Tumour characterisation, staging and operability assessment in ovarian carcinoma: whole body diffusion-weighted MRI versus CT
© Michielsen et al. 2015
Published: 2 October 2015
To prospectively evaluate whole body diffusion-weighted MRI (WB-DWI/MRI) for tumour characterisation, staging and prediction of complete (R0)-resection compared with computed tomography (CT) in patients with suspected ovarian carcinoma.
One-hundred-sixty-six patients suspected for ovarian carcinoma underwent 3T WB-DWI/MRI using 2 b-values (b=0-1000 s/mm2), T2-weighted and contrast-enhanced T1-weighted sequences in addition to contrast-enhanced CT. WB-DWI/MRI and CT were independently and blindly evaluated and correlated with pathological findings at surgery as reference standard. Superiority was assessed using two-tailed McNemar tests for following parameters: characterisation of the malignant nature and primary origin of the ovarian mass, assessment of disease extent according to FIGO stage and prediction of R0-resection according to predefined operability criteria. Inter observer agreement for WB-DWI/MRI and CT was determined using Cohen’s kappa statistics.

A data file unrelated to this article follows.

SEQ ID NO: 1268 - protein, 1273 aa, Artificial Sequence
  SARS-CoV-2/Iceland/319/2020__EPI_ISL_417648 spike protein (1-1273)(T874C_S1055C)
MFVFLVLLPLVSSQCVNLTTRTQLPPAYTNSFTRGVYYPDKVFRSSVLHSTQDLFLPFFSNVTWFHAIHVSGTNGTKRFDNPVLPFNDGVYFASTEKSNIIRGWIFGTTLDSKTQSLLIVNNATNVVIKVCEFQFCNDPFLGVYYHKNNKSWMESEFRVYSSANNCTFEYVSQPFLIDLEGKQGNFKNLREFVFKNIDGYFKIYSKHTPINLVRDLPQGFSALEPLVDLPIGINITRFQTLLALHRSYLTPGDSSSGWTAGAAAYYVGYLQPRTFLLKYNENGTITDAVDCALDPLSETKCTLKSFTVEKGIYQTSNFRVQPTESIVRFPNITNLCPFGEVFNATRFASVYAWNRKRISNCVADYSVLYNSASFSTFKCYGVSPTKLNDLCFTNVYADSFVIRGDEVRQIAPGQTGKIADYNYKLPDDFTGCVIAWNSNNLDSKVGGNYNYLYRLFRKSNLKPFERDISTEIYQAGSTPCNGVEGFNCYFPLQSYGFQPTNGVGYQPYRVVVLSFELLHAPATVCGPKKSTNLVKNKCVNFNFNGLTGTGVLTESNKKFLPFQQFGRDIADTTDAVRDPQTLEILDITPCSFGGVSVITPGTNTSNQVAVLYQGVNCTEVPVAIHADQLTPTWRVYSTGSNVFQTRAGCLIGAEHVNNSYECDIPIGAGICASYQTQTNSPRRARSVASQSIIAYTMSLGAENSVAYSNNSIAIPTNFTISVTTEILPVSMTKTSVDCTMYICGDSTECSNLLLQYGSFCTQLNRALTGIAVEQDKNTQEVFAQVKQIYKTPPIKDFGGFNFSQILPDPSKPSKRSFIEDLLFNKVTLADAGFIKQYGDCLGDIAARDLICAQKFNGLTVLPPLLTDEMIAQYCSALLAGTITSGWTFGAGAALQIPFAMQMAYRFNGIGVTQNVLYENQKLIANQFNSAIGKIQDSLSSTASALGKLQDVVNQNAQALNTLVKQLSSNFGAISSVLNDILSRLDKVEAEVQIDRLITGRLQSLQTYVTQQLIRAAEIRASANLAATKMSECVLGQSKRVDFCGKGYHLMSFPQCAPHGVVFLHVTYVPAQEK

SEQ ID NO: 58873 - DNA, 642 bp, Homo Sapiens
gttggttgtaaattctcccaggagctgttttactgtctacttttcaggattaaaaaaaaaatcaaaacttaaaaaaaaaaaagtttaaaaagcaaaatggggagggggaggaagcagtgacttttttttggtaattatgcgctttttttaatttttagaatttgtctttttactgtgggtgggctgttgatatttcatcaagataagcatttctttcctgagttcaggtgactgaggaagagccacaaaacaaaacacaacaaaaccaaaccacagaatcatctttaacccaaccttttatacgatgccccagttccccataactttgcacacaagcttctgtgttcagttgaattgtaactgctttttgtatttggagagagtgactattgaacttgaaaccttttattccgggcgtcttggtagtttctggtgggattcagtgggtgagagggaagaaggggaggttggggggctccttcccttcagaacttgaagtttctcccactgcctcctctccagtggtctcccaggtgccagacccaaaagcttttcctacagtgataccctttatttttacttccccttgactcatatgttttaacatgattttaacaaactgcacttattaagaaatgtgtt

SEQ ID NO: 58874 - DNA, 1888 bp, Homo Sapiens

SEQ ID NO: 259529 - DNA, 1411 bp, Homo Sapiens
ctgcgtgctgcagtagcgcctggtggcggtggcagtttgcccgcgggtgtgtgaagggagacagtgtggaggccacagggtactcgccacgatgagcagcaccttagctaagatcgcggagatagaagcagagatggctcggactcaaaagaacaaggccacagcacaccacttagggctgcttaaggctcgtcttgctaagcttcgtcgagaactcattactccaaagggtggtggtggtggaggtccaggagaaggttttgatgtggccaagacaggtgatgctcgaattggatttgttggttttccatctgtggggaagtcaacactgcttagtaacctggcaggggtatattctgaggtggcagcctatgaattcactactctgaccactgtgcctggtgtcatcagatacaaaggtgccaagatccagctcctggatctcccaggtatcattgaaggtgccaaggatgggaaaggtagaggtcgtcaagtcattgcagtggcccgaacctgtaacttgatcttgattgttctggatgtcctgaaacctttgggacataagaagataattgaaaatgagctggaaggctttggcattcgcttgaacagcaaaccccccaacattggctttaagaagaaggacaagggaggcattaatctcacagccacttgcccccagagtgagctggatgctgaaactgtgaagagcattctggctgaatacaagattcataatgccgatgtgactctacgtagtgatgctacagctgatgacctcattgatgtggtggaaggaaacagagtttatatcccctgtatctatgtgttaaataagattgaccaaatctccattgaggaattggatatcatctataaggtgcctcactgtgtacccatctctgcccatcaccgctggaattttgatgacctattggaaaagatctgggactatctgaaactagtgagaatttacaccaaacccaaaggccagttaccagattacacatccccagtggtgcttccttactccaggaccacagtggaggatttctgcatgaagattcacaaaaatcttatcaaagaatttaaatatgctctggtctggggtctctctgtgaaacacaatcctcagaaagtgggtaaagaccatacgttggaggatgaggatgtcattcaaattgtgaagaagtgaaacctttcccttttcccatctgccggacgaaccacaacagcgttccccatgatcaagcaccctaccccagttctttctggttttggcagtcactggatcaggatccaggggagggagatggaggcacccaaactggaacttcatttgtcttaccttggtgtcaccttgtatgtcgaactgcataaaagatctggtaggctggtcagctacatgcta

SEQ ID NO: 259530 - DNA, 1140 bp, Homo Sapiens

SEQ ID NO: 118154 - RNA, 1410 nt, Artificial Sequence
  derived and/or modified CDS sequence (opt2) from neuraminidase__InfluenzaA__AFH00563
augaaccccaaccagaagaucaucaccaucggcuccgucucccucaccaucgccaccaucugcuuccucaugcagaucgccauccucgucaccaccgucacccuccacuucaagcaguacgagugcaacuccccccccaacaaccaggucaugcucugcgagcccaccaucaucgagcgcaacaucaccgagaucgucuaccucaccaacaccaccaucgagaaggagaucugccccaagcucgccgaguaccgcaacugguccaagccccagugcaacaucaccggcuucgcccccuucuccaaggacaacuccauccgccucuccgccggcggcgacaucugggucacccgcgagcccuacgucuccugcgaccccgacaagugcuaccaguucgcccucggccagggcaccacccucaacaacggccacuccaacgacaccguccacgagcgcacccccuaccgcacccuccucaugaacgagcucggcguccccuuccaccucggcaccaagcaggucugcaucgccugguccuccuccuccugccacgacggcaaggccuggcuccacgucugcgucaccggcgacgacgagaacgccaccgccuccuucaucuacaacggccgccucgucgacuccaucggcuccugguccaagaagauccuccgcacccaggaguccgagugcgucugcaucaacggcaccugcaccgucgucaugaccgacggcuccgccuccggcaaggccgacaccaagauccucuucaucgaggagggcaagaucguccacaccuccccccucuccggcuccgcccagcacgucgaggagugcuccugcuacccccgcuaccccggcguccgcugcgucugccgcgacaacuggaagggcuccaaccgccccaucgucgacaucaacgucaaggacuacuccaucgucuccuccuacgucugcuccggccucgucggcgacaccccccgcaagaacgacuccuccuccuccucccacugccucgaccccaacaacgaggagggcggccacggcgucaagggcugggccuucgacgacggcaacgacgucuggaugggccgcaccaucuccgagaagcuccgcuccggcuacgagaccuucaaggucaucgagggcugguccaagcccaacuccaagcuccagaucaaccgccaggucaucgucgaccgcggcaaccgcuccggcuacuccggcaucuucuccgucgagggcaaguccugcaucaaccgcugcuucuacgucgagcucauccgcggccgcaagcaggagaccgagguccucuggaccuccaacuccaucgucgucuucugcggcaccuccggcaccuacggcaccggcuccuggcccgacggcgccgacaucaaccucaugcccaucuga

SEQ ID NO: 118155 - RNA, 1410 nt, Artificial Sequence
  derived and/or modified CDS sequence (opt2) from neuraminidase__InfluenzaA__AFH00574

For characterisation of malignancy, WB-DWI/MRI showed significantly higher accuracy compared with CT (93 versus 82%, p=0.001). WB-DWI/MRI correctly depicted a non-ovarian malignant mass in 24/32 (75%) of cases compared to only 6/32 (19%) for CT (p<0.001). WB-DWI/MRI assigned more ovarian carcinoma patients to the correct FIGO stage (71/94, 76%) compared with CT (39/94, 41%). For prediction of R0-resection, WB-DWI/MRI showed significantly higher sensitivity (95 versus 80%), specificity (92 versus 74%) and accuracy (94 versus 77%) compared with CT (p=0.039, p=0.012 and p<0.001, respectively). Interobserver agreement was moderate to almost perfect (κ=0.53-1.00) for WB-DWI/MRI and slight to moderate (κ=0.04-0.52) for CT.
WB-DWI/MRI is superior to CT for lesion characterisation, staging and operability assessment of ovarian cancer justifying its development for pre-operative assessment of ovarian cancer patients.
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